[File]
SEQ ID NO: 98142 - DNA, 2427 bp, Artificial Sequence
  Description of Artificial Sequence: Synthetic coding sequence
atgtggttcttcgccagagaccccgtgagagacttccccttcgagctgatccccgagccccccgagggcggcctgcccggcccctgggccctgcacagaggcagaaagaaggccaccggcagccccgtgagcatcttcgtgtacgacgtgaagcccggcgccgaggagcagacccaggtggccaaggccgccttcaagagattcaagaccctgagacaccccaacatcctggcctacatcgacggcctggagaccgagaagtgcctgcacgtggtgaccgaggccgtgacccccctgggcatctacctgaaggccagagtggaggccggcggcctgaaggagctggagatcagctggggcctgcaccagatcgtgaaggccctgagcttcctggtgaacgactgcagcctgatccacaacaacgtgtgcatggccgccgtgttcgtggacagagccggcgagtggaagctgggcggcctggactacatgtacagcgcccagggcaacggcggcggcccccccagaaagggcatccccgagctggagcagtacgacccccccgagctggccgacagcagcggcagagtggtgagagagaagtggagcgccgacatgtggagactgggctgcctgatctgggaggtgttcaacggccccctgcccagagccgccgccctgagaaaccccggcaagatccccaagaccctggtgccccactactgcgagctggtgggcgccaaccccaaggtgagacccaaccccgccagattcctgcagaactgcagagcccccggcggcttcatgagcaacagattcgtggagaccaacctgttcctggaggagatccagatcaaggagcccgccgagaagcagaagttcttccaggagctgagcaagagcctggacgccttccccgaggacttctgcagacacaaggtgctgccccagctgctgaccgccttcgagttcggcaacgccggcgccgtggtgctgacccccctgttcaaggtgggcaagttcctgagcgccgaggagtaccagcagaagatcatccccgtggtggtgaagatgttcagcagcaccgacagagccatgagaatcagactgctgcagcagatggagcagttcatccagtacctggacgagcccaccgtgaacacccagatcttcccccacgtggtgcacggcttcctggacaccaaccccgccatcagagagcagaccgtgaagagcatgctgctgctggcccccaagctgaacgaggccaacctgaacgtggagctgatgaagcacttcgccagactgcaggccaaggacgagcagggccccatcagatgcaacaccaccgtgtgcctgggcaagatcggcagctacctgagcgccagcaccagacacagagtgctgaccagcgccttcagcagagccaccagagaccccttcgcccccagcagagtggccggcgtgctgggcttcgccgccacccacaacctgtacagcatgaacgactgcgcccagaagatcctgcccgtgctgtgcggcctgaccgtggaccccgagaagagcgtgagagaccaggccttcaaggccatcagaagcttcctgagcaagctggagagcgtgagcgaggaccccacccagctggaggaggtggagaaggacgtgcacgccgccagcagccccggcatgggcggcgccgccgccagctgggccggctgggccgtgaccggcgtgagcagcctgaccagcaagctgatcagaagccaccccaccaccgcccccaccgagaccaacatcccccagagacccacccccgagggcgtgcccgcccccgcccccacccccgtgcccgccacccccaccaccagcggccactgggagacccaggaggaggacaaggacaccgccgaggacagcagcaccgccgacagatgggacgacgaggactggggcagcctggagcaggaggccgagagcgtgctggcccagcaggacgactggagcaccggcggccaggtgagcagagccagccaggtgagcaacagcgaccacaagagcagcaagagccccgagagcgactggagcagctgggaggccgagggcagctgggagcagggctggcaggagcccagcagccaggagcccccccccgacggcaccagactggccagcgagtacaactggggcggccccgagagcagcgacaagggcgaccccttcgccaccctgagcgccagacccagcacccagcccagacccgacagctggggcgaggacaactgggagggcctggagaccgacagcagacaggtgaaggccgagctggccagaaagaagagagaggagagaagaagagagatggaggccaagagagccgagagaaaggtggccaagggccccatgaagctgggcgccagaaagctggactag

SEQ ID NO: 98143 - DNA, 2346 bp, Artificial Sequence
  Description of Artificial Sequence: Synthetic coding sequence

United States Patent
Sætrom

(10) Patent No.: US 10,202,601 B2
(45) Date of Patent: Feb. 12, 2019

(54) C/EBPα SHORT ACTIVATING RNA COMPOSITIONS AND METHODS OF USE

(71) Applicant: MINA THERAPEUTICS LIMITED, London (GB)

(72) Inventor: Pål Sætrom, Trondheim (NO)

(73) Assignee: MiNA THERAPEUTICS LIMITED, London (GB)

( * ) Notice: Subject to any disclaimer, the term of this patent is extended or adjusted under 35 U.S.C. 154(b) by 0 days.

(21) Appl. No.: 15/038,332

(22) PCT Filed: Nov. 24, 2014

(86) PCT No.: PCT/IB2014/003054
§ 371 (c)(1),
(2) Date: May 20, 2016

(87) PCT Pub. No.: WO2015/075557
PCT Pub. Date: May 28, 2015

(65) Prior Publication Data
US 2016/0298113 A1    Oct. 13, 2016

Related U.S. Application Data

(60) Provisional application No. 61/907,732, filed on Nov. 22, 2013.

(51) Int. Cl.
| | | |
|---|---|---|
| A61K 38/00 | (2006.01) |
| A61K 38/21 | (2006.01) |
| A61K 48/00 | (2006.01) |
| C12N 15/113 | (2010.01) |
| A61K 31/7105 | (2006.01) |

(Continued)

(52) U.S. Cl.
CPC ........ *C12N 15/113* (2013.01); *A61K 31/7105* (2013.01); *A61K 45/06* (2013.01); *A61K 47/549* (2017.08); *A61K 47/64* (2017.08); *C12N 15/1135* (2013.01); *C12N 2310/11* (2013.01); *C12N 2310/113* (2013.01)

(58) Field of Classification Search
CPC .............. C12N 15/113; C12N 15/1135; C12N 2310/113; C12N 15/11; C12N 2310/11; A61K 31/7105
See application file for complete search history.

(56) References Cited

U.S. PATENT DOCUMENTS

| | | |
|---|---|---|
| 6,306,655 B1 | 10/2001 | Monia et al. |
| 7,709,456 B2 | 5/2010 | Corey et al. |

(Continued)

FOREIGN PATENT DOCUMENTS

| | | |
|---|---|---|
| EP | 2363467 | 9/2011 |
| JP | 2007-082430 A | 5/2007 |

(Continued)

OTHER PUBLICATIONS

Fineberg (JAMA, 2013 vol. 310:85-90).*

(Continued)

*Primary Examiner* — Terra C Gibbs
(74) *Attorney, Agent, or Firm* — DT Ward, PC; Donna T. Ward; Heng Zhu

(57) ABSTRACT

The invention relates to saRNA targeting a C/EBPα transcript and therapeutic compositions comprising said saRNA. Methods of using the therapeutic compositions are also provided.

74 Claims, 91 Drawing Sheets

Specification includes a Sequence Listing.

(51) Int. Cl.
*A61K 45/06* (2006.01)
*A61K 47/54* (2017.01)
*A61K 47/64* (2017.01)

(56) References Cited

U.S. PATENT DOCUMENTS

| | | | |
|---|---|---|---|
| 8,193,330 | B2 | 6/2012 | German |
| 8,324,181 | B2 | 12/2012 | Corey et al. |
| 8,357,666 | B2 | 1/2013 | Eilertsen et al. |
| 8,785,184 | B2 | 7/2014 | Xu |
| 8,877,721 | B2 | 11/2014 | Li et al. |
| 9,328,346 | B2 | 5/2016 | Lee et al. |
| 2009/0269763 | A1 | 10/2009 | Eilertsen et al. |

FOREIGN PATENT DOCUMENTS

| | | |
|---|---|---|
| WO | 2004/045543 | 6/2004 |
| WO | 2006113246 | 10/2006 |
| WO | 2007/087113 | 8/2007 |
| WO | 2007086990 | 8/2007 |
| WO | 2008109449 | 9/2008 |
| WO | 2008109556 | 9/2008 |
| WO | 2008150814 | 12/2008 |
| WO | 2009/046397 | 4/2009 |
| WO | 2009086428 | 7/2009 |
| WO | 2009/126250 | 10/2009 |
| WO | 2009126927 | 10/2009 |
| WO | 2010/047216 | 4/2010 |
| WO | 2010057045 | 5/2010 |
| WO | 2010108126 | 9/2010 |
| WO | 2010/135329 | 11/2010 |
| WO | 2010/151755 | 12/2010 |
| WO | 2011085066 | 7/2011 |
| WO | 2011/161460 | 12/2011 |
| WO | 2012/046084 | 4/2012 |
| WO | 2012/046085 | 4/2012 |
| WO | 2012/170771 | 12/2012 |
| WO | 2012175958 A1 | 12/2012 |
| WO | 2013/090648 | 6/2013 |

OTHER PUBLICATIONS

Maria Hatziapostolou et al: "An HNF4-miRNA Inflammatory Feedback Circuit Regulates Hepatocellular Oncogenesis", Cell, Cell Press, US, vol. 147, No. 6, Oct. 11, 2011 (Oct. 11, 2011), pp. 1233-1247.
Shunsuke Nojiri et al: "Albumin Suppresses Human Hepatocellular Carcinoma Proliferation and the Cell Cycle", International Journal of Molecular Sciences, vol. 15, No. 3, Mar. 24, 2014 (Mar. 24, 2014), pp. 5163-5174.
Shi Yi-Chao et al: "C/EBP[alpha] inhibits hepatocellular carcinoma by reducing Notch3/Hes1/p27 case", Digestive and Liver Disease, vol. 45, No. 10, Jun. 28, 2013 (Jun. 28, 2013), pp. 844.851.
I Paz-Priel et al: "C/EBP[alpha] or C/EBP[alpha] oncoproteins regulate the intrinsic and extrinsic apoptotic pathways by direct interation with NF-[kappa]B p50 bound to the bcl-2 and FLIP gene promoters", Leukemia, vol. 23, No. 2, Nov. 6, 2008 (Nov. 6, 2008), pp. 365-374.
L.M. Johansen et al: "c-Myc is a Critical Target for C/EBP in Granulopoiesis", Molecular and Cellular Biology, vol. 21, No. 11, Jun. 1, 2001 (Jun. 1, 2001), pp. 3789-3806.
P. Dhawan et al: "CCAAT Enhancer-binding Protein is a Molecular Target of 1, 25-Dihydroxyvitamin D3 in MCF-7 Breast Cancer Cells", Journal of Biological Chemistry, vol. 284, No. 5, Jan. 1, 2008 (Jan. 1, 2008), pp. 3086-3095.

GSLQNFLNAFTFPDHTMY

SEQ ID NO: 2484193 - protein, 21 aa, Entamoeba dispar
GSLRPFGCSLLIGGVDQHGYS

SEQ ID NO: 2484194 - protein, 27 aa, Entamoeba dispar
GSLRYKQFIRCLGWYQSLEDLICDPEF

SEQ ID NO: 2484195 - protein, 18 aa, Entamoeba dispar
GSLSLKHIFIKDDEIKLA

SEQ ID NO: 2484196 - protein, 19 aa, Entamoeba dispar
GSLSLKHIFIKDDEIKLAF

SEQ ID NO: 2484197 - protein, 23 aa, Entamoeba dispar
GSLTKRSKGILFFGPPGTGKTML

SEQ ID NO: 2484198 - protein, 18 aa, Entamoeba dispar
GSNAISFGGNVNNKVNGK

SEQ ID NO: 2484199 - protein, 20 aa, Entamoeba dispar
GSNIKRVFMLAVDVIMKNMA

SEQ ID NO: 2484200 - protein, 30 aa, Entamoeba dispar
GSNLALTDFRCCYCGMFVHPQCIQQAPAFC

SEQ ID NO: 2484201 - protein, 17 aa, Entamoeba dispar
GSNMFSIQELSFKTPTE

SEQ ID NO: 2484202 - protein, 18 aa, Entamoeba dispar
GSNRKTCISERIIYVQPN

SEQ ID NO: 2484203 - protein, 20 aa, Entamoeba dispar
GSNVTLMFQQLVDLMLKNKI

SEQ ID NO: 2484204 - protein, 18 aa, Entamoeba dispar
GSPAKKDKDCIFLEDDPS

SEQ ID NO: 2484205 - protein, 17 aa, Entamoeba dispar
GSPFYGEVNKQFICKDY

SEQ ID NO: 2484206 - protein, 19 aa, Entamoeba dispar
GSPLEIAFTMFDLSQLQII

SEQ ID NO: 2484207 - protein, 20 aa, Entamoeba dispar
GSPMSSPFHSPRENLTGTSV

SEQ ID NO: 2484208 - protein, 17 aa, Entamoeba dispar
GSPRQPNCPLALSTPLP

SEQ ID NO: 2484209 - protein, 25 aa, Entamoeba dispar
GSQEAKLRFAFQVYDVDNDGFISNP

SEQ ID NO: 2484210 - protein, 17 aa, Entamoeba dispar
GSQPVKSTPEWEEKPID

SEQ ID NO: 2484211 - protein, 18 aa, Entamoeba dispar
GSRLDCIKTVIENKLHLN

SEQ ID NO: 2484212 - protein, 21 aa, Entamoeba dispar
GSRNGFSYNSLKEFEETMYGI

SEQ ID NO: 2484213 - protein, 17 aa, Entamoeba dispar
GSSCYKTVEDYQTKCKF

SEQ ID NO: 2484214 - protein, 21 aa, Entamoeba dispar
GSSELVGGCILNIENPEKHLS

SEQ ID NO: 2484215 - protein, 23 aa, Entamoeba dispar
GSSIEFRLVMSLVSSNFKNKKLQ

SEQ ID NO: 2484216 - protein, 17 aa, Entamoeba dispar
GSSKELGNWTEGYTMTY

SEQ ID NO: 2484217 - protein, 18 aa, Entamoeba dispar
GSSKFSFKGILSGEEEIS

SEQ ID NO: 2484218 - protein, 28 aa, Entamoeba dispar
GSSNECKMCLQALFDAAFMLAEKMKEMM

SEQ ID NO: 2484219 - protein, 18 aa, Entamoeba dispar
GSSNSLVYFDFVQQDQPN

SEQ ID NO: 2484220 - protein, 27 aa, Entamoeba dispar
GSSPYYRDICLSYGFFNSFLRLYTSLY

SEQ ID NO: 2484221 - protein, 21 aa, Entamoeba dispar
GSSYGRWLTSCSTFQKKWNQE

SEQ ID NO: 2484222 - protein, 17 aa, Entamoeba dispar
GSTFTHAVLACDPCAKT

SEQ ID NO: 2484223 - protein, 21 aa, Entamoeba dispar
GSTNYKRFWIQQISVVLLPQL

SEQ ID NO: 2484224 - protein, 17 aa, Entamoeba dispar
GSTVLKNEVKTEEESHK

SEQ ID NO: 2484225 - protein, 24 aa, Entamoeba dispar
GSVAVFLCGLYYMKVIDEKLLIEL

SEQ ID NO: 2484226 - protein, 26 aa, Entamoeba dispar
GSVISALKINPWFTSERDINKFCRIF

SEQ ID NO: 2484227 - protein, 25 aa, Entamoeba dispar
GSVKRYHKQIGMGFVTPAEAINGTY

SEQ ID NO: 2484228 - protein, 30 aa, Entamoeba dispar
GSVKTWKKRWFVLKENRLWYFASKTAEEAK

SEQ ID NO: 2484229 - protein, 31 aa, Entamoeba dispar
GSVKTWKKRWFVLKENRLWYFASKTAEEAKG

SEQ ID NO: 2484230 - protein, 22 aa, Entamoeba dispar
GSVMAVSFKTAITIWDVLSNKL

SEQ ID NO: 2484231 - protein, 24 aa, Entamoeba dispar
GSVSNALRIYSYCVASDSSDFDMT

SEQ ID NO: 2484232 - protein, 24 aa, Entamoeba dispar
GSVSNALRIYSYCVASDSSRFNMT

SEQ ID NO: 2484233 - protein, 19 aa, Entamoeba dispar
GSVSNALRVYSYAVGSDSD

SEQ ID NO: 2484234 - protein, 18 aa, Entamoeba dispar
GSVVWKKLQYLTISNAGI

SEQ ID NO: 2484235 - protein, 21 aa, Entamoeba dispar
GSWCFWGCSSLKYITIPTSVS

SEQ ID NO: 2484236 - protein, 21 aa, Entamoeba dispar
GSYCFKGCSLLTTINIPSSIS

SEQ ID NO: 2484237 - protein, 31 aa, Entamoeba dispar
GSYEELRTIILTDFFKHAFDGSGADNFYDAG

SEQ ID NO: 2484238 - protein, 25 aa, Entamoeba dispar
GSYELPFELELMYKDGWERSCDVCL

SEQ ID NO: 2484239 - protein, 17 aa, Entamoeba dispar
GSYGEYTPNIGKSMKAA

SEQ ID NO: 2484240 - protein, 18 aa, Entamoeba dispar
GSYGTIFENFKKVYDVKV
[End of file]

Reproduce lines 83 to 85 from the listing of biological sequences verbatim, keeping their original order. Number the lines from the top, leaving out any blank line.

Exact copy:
| WO | 2007086990 | 8/2007 |
| WO | 2008109449 | 9/2008 |
| WO | 2008109556 | 9/2008 |